07 Jul 2022

Me & You with Jennifer Griffiths: Back to work?

Me & You with Jennifer Griffiths: Back to work?

I was chatting with a mum this week, her baby is nearly seven months old and she’s going back to work in September.

This made me realise that, for all those mums who read my pregnancy or baby articles a while back - this could be you! But I also know that for some of you, you may wait till your little one is one, two or three years old, or maybe even at school.

Of course, the choice is yours – well, hopefully, the choice is yours (but more about that another day).

So, anyway, I was explaining to this mum that if she was thinking of a nursery/childcare place she really needed to be looking, choosing and booking that place now as places do feel up fast.

The mum then started asking me lots of questions, as I think you would, so I thought, I’ll share this article with her and with you, too.

I did write it a few years back, so, sorry if your children are grown and happily settled but I do think it’ll help those who need a few tips, suggestions or thoughts about what to look for, ask and think about.

So, to start, whether you are returning to work, starting a new job or maybe even going to do a course, when you’ve got a child (or children) it’s always very difficult to decide who is going I’ve said to look after her or him (or even them) when you start. Oh, and although child in my writing, this all applies to babies and toddlers, too.

So over the next few weeks,  I’m going to try and help you think what’s best for your child and you. I’m not going to give you the answer simply because every child is different, every family has different needs and different childcare choices offer slightly different things.

So, although I’m going to outline a few things for you to think about - remember, YOU make the choice - because this is your precious child and, ultimately, you have to feel confident that wherever you choose to send your child they will be safe, happy and will enjoy many wonderful experiences.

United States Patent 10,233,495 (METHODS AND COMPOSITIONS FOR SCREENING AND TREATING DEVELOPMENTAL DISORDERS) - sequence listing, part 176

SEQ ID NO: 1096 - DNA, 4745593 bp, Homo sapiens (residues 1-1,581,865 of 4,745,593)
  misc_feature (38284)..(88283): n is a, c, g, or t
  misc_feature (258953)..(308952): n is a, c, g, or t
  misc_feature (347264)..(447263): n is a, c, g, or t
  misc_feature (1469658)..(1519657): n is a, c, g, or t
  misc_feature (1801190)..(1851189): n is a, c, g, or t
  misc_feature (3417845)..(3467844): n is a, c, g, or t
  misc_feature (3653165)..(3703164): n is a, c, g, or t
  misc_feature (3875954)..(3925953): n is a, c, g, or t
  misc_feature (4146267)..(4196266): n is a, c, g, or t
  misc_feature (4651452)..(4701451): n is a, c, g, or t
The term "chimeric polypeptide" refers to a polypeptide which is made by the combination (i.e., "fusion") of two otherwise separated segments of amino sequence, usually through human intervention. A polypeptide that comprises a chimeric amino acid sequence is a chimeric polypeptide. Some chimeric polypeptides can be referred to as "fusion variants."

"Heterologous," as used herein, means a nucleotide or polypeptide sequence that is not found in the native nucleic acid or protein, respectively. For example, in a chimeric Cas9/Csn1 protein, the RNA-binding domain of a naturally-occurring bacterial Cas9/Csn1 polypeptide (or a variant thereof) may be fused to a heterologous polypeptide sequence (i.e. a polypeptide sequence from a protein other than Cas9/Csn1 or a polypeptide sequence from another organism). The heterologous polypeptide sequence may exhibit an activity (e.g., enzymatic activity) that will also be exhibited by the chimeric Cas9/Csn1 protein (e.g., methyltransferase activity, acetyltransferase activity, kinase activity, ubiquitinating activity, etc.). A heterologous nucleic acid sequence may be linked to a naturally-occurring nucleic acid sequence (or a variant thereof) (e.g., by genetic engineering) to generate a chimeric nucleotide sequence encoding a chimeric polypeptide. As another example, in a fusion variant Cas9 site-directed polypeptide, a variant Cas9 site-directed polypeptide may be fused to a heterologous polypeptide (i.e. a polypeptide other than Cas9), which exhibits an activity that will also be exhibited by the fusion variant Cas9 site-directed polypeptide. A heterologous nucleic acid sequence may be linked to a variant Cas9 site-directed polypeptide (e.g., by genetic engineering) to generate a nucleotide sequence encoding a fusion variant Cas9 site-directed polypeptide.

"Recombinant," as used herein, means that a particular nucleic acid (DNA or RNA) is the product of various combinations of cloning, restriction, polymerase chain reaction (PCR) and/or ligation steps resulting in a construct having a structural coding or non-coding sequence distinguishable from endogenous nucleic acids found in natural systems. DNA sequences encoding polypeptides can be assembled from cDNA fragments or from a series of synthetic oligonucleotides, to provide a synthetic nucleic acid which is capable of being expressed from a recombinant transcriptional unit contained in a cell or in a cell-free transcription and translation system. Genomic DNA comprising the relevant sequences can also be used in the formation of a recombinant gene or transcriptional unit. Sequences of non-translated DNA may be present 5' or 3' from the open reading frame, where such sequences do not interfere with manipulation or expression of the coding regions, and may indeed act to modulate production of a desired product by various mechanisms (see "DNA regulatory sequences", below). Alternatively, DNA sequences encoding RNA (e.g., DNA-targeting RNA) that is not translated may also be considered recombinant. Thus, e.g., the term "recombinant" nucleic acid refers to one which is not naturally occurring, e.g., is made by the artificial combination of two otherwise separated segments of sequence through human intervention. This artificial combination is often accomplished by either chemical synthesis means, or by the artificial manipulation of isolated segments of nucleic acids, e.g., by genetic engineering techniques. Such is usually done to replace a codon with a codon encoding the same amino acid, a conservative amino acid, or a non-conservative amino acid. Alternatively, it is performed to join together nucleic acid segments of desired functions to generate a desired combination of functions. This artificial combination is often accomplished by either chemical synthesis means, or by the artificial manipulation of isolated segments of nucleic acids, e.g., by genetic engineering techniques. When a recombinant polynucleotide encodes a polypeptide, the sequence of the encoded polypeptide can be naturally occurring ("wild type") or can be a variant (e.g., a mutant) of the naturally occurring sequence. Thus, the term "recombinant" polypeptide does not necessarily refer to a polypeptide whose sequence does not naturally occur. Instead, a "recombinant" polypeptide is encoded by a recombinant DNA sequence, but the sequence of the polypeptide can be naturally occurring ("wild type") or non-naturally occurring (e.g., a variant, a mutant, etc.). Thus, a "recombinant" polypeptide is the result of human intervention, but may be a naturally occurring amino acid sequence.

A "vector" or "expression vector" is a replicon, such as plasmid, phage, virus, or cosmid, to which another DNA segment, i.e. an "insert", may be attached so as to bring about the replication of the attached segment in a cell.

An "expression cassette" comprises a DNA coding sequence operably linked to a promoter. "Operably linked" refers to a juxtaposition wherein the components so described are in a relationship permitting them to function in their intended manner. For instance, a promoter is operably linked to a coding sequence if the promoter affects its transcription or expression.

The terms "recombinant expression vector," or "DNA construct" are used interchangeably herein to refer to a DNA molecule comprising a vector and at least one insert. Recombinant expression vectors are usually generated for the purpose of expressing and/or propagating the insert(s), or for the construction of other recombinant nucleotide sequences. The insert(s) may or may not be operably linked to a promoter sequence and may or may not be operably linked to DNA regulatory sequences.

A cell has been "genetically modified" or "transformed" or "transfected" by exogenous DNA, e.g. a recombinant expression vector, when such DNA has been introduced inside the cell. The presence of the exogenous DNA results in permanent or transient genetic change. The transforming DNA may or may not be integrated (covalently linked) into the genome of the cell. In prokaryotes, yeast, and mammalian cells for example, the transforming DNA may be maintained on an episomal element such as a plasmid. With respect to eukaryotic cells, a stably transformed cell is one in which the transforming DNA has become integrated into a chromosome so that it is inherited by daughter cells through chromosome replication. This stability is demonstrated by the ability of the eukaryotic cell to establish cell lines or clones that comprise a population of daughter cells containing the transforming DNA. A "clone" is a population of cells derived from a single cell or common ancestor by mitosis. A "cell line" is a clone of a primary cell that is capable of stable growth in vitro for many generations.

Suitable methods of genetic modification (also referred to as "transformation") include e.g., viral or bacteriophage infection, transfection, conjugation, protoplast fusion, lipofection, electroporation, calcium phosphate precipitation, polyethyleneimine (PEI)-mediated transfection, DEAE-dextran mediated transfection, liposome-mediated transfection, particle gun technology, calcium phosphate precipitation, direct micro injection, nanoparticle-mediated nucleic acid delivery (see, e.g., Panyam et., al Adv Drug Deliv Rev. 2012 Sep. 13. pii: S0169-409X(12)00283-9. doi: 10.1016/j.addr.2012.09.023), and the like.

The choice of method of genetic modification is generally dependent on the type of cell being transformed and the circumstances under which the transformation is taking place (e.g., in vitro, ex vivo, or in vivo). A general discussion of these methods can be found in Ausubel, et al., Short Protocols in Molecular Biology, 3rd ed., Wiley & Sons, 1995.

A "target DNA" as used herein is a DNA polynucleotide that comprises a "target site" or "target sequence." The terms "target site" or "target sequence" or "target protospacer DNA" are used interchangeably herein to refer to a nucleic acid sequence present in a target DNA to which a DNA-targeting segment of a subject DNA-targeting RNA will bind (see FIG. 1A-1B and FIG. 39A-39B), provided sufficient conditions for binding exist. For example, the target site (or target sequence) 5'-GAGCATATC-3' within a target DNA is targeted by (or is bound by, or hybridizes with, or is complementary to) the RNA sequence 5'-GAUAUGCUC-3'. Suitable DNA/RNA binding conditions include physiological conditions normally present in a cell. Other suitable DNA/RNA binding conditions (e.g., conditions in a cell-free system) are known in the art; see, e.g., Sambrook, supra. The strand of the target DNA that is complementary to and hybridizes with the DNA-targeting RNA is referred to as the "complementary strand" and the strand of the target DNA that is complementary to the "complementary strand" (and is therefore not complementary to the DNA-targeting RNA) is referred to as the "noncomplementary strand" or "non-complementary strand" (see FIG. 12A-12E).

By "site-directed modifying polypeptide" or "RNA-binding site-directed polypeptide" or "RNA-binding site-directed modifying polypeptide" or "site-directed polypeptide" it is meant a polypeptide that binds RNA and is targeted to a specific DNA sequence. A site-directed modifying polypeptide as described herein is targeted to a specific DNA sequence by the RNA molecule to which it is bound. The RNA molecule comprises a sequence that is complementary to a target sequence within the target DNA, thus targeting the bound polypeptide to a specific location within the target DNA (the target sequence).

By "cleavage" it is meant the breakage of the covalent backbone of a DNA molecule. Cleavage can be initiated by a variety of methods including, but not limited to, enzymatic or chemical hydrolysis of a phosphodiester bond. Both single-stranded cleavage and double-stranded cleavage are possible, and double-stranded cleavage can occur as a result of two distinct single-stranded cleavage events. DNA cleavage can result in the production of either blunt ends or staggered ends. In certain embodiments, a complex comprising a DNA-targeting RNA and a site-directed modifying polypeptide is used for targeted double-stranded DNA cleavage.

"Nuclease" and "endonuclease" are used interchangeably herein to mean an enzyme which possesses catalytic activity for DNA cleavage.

To start,  a private day care nursery  is usually open from approximately 7.00/8.00am to 6.00pm and you can choose to do full-time, part-time, mornings, afternoons or a mixture of the three - it’s up to you.

However, they do often ask you to do a minimum of two sessions per week just for continuity and the sense of ‘being settled’ for your child. It can often seem the more expensive option, particularly if you have more than one child but do make sure you ask, or find out about, funded places for two and three year-olds.

Private nurseries usually have, on average, three classes - babies, toddlers and the pre-school class. Regardless of the class your child will attend, do ask what their settling in procedure is? Can you do pre-visits? Can you stay for the visit?

What happens if your child doesn’t settle, can you call and speak to the nursery staff to check?’.

After all, you don’t want to spend the day worrying while your child is playing happily with the paint.

You may also like to ask about sleep, dummies and can you come and pick your child up early (when you have an early finish at work).

If you stay at the nursery for a couple of years your child will be able to move up through the different classes so be sure to ask when do they move classes? What do you do to settle them into their new class? Ask yourself Is the nursery flexible enough to consider each child’s social and development needs - do they move up as a group or when the child is ready? What do you think will be best for your child?